As the Supreme Court recently noted, our task in construing the exceptions set forth in section 2680 (h) is "to identify 'those circumstances which are within the words and reason of the exception' -- no less and no more." Kosak v. United States, 465 U.S. 848, 104 S. Ct. 1519, 1523 n.9, 79 L. Ed. 2d 860 (1984) (quoting Dalehite v. United States, 346 U.S. 15, 31, 97 L. Ed. 1427, 73 S. Ct. 956 (1953)). We are guided in this effort by the Court's analysis in Block v. Neal, 460 U.S. 289, 103 S. Ct. 1089. 75 L. Ed. 2d 67 (1983). In that case, plaintiff Neal received a loan from the Farmers Home Administration (FmHA) to finance the construction of a new home. Regulations required the FmHA to provide technical assistance to the borrower, to review the construction plans and the contract, and th make inspections. After moving into the house, Neal discovered several defects and eventually asked the FmHA to pay to correct them. Upon its refusal, she sued under the FTCA alleging that the defects were partly attributable to FmHA officials' negligence in inspecting and supervising construction of the house. The issue before the Supreme Court was whether the action was barred under section 2680(h) as a "claim arising out of . . . misrepresentation."

In holding that Neal's claims were not barred by section 2680(h), the Court distinguished its earlier holding in United States v. Neustadt, 366 U.S. 696, 6 L. Ed. 2d 614, 81 S. Ct. 1294 (1961), a case involving a prepurchase inspection and appraisal of a home by the Federal Housing Administration. The Court explained that the "gravamen of the action against the Government in Neustadt was that the plaintiff was misled by [the appraisal] prepared by the Government. Neustadt alleged no injury that he would have suffered independently of this reliance on the erroneous appraisal." 460 U.S. at 296. In contrast, the Court found that the government's misstatements were not essential to Neal's claim. In so finding, the Court focused on the government's duty, stating that its duty to use due care in supervising and inspecting construction "is distinct from any duty to use due care in communicating information to respondent." 460 U.S. at 297. Because Neal sought to recover for breach of duties distinct from duties forming the basis for a claim barred by section 2680(h) (misrepresentation), her claim was not barred.

Unlike Neal, Art Metal seeks to recover for the breach of duties identical to those underlying a barred claim. The duty that the GSA officials allegedly breached is the duty not to interfere with Art Metal's economic relationship with third parties. That duty is the same as the duty underlying a claim for interference with contract rights; the claims are distinguished only because the plaintiff's rights or expectancies under the latter are secured by an existing contract. See Restatement (Second) of Torts § 766 comment b (1979) ("here is a general duty not to interfere intentionally with another's reasonable business expectancies of trade with third persons, whether or not they improper under the circumstances."). To hold that interference with prospective advantage does not arise out of interference with contract rights under section 2680(h) would subject the government to liability if its employees interfered with the plaintiff's mere expectation of entering a contract, but not if they interfered with a contract already in existence. Such a result would be illogical and contrary to the "'words and reason of the exception.'" Kosak v. United States, 465 U.S. 848, 104 S. Ct. 1519, 1523 n.9, 79 L. Ed. 2d 860 (1984) (citation omitted). See 2 L. Jayson, Handling Federal Tort Claims § 260.06 at 13-105 (1984). We therefore hold, as has nearly every court that has addressed this issue, *fn5 that Art Metal's claims for interference with prospective advantage are barred as claims arising out of interference with contract rights.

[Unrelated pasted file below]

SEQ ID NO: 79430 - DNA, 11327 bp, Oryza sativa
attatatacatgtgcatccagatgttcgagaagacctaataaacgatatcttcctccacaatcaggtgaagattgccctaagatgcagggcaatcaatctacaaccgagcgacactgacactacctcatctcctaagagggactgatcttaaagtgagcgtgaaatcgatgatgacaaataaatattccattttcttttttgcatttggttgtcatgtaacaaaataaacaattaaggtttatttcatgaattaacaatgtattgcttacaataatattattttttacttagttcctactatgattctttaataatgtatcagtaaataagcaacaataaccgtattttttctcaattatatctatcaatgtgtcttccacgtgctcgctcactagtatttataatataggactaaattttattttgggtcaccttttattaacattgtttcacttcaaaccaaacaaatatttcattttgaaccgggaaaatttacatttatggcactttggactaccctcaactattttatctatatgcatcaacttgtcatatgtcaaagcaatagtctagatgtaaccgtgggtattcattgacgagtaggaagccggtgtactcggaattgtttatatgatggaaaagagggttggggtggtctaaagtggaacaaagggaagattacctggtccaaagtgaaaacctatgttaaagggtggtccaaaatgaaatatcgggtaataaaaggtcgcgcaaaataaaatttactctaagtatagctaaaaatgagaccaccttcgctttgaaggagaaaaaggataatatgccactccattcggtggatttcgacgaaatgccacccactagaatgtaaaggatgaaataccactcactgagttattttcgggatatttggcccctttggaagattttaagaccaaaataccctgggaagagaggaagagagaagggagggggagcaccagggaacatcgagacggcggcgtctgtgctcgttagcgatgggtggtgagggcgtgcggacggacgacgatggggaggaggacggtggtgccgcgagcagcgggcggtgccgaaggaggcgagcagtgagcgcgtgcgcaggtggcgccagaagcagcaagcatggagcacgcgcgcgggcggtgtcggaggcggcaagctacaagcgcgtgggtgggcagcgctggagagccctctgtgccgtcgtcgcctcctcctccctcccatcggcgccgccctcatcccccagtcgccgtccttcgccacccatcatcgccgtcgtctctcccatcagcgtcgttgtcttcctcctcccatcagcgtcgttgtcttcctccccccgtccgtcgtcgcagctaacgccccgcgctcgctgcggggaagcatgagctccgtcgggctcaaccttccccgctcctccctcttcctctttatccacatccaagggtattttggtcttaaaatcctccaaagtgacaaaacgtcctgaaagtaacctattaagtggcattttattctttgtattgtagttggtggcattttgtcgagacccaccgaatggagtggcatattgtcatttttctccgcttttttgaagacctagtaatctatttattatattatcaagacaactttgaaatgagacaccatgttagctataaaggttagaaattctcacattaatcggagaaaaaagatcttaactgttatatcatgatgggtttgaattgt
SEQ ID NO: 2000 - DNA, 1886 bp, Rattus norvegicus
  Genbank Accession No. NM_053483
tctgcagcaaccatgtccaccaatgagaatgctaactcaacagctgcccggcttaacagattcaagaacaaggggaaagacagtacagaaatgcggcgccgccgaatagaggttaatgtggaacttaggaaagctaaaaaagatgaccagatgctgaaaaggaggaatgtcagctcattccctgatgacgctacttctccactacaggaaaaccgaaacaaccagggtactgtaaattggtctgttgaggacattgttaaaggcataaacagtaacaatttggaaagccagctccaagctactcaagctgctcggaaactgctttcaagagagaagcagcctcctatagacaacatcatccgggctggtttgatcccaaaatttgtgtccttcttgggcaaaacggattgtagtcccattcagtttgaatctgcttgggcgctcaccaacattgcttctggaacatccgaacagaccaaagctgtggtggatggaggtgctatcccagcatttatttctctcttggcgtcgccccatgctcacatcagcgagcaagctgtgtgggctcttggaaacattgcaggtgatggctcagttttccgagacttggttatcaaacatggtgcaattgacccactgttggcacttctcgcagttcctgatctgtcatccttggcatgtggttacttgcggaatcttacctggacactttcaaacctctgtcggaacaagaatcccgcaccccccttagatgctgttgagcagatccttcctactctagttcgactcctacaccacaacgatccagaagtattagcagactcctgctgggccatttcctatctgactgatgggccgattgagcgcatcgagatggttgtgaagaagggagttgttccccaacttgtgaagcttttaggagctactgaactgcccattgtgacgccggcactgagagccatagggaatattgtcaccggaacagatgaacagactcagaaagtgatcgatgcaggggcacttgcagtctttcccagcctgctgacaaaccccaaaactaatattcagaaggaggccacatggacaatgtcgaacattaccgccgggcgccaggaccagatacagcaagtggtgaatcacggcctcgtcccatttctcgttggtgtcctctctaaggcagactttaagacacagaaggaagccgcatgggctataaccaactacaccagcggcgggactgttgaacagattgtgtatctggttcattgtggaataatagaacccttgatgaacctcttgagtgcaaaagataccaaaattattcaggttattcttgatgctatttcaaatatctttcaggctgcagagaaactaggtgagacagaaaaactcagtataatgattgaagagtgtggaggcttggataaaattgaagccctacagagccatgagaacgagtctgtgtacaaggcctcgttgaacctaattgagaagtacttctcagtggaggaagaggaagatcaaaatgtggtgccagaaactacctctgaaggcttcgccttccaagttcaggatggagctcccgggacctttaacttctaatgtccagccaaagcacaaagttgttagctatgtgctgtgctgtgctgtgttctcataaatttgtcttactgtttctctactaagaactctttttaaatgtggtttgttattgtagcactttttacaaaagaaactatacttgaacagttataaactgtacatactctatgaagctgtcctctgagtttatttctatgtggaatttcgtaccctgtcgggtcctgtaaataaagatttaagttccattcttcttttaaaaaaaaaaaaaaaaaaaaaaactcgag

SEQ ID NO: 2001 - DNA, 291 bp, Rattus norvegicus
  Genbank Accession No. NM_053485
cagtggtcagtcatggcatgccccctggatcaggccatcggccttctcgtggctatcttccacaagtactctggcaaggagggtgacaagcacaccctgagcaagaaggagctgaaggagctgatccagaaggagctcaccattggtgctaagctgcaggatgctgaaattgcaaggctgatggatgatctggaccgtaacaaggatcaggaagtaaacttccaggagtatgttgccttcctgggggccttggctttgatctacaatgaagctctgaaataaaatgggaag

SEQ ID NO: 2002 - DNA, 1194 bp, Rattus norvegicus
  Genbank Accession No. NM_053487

2. Injurious Falsehood

Art Metal alleged in Count III of its complaint that GSA officials "provided false information concerning the quality of goods manufactured by Art Metal to the press on a regular, continuing, and repeated basis," and as a result, Art Metal's "standing, reputation, prestige, and goodwill as a manufacturer of quality metal office furniture has been ruined and destroyed with consequent injury to its business and substantial loss of sales." Joint Appendix at 11, 12.The district court dismissed the count as constituting a claim arising out of libel or slander. 577 F. Supp. at 184. Art Metal contends that the allegations state a claim for injurious falsehood, *fn6 a distinct tort, and therefore do not arise out of libel or slander. It argues that the interest protected by injurious falsehood is not its corporate reputation but rather its pecuniary interest in its products.